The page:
It's going to be wonderful.

tommyesq said...

The law... was enacted after the Civil War, intended for use against Southerners who rejected the authority of the Federal Government, and amended in 1918, with Socialists and anarchists in mind.

So it was created with this exact situation in mind, and then further amended with even more of this exact situation in mind.

Temujin said...

Say what you will about William Barr, at least he did not plan and execute a gun-running operation to Mexican cartels.

Mike (MJB Wolf) said...

Wow the DNC-Media Complex really obsesses endlessly over that “Lock her up!” chant don’t they? But somehow they have never understood why THE PEOPLE would choose to, not be lead in a chant like the prog sloganeers trying to make “yes we can” into a thing, but spontaneously joyously break out in a wish to see justice. The law was clear, yet Hillary and her aids were not held to it, and the media had no interest in her crimes at all. When the Law and the Media refuse to do their jobs the People make their feelings known and one of the strongest objections people have to our political class is the way many act like they are above the Law. When the FBI is both obsequious and deferent towards one candidate while literally spying on the other respect for the Law declines.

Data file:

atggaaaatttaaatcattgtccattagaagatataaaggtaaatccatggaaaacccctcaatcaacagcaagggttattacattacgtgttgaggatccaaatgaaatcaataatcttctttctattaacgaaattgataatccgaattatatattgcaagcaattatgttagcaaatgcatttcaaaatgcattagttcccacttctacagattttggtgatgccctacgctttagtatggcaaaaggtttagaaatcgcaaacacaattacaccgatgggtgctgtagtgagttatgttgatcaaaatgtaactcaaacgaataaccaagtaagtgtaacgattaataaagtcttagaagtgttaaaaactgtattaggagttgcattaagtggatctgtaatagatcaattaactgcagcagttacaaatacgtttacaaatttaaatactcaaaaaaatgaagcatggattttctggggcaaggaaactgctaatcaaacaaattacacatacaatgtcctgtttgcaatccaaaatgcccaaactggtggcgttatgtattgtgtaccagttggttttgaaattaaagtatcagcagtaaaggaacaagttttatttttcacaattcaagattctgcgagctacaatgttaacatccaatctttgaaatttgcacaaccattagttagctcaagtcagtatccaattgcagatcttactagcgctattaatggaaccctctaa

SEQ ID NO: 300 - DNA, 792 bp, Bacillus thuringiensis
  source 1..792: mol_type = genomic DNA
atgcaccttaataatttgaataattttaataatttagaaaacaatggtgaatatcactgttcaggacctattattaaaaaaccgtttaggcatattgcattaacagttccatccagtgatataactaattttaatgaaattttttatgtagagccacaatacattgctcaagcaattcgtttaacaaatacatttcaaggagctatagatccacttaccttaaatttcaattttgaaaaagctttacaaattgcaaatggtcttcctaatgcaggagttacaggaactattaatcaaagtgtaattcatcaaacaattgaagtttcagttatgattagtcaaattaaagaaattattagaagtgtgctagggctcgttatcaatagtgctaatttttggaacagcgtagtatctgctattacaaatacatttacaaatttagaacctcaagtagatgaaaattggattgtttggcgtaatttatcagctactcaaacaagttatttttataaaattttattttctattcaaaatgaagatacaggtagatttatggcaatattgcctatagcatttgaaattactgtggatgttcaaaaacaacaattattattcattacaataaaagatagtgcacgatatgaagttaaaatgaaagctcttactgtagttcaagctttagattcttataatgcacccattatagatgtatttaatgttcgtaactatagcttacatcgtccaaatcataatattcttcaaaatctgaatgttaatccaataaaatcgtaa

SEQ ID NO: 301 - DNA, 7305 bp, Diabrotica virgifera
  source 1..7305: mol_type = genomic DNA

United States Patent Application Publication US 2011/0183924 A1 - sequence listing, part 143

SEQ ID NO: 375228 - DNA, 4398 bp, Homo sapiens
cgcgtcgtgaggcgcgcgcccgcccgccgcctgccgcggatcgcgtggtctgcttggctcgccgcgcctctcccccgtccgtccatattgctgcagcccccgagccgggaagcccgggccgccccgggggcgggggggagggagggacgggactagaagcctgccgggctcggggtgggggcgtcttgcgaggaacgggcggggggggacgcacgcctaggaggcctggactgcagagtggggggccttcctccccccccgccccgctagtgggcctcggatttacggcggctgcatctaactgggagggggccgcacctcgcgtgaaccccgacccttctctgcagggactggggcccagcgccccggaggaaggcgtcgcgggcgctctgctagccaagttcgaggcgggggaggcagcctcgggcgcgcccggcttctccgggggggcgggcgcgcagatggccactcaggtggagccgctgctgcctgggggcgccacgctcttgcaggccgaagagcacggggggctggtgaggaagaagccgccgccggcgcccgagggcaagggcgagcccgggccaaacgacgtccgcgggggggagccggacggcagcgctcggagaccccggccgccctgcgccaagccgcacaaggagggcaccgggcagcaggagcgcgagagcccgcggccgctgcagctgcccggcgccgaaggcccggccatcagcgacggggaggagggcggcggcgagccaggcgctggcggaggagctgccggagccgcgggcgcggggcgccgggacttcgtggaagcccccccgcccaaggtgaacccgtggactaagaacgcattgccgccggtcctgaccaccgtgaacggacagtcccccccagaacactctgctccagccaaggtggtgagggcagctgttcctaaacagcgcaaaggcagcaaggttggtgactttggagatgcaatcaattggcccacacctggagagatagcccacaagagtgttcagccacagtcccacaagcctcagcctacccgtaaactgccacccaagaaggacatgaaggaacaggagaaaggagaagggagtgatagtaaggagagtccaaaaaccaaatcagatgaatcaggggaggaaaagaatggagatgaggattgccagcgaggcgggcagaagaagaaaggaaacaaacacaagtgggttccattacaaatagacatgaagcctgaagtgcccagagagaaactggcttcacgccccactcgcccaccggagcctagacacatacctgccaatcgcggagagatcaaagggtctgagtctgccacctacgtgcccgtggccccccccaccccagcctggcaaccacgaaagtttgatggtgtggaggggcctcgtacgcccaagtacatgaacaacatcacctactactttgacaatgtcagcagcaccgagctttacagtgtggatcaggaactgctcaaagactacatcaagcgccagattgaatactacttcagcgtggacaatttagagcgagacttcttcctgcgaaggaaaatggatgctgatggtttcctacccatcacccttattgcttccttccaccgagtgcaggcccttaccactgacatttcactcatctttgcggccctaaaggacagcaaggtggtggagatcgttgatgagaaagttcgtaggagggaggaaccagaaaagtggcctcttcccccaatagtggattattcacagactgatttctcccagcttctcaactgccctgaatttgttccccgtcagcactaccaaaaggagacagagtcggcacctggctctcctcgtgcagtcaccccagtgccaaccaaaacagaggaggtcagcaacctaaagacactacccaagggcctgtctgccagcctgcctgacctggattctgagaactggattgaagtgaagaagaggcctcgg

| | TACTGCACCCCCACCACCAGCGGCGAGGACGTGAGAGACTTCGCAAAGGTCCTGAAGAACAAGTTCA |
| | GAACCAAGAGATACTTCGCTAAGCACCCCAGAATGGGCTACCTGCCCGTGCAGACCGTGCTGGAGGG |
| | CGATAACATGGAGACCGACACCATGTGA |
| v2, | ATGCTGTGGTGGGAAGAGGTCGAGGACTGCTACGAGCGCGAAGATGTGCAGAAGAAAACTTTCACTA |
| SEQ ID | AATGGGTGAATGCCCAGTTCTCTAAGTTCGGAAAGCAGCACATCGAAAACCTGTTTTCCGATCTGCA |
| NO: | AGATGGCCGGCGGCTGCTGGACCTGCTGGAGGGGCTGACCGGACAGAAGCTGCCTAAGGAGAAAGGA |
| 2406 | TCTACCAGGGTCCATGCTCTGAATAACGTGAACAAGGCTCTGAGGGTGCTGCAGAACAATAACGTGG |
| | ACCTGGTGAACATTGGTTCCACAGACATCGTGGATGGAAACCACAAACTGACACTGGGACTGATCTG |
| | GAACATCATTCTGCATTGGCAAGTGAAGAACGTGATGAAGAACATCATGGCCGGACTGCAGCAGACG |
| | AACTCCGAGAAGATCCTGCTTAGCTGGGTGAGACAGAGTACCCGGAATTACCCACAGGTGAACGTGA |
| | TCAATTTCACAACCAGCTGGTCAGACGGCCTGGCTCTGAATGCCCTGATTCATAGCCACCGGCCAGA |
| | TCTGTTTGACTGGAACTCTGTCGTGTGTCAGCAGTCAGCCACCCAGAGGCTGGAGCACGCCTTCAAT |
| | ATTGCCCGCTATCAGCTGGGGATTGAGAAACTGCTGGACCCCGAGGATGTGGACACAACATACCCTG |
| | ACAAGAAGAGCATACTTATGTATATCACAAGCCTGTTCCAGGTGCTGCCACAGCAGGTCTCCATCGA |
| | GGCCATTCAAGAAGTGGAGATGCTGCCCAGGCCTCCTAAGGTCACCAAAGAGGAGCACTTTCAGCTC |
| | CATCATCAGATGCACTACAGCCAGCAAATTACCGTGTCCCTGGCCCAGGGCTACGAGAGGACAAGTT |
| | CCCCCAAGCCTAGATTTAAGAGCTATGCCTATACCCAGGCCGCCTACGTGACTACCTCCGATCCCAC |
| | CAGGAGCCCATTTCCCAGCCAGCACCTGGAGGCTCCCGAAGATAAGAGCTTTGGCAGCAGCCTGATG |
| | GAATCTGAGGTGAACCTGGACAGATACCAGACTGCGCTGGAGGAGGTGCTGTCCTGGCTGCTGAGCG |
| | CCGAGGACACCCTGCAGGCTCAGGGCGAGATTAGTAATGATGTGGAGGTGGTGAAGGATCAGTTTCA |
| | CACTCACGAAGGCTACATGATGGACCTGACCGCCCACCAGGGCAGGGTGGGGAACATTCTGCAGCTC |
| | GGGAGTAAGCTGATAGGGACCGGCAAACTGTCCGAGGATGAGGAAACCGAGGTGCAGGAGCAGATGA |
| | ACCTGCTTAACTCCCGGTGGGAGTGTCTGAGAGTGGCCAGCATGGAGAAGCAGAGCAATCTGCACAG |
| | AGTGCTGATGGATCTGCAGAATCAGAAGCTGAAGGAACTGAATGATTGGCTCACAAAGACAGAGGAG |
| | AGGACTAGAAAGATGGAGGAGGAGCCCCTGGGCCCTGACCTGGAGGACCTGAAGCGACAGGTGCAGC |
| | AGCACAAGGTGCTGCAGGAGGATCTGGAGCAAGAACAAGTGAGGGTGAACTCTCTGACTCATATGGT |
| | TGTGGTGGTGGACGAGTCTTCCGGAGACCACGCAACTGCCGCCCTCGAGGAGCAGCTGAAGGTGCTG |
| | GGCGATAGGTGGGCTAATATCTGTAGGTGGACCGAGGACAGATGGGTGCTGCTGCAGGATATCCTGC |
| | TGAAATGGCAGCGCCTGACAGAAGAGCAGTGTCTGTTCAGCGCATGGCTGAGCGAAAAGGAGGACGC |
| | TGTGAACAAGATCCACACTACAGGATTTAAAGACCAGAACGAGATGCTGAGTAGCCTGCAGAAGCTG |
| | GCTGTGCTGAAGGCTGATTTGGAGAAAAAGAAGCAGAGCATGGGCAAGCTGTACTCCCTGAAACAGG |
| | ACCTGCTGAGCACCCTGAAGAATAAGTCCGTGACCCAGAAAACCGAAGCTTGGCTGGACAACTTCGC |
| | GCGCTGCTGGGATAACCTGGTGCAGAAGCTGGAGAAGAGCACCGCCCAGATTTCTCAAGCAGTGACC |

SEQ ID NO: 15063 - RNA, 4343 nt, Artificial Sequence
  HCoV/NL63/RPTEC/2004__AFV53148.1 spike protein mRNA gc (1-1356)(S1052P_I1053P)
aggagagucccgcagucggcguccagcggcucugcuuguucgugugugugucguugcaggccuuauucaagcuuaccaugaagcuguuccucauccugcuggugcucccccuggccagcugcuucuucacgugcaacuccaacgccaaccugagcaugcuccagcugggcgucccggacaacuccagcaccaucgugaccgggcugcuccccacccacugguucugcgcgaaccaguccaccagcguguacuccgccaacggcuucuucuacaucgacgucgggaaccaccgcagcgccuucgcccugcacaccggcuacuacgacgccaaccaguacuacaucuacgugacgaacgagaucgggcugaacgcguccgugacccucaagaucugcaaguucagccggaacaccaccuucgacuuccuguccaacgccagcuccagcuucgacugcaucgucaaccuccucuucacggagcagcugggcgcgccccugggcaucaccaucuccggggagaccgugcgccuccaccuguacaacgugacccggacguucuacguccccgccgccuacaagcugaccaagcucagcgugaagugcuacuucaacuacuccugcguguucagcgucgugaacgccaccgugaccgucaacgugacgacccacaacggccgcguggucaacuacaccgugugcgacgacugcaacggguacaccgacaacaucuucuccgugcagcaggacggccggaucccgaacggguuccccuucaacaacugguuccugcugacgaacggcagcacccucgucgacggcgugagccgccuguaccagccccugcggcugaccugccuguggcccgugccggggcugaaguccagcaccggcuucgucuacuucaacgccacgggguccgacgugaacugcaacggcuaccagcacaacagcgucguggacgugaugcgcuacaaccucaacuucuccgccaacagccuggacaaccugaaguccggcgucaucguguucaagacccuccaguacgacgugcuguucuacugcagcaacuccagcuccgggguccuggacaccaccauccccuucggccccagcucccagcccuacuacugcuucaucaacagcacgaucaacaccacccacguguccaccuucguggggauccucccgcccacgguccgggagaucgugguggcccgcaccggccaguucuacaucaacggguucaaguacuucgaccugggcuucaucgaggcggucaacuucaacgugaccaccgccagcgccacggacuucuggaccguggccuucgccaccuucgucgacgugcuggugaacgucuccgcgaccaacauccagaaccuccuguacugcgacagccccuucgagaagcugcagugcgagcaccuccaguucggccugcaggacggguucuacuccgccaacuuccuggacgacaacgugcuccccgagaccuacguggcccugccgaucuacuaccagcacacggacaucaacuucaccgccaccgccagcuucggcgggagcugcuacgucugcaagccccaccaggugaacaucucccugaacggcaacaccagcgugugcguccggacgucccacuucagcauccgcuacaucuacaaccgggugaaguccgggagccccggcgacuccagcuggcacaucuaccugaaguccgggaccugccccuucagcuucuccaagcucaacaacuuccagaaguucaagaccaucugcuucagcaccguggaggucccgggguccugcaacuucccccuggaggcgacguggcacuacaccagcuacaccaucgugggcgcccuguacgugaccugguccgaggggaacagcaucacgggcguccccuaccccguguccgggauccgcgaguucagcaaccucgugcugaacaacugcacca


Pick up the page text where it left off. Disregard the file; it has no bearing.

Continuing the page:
So it continues to fascinate me how the DNC-Media take umbrage at the LOCK HER UP chant and blame Trump for it. Yet Biden voters yelling DEATH TO AMERICA do not in any way reflect on their candidate-figurehead. And get no media shaming. Quite the opposite. Sedition is in the air. Thank God we have Barr willing to guard against these anarchist revolutionaries.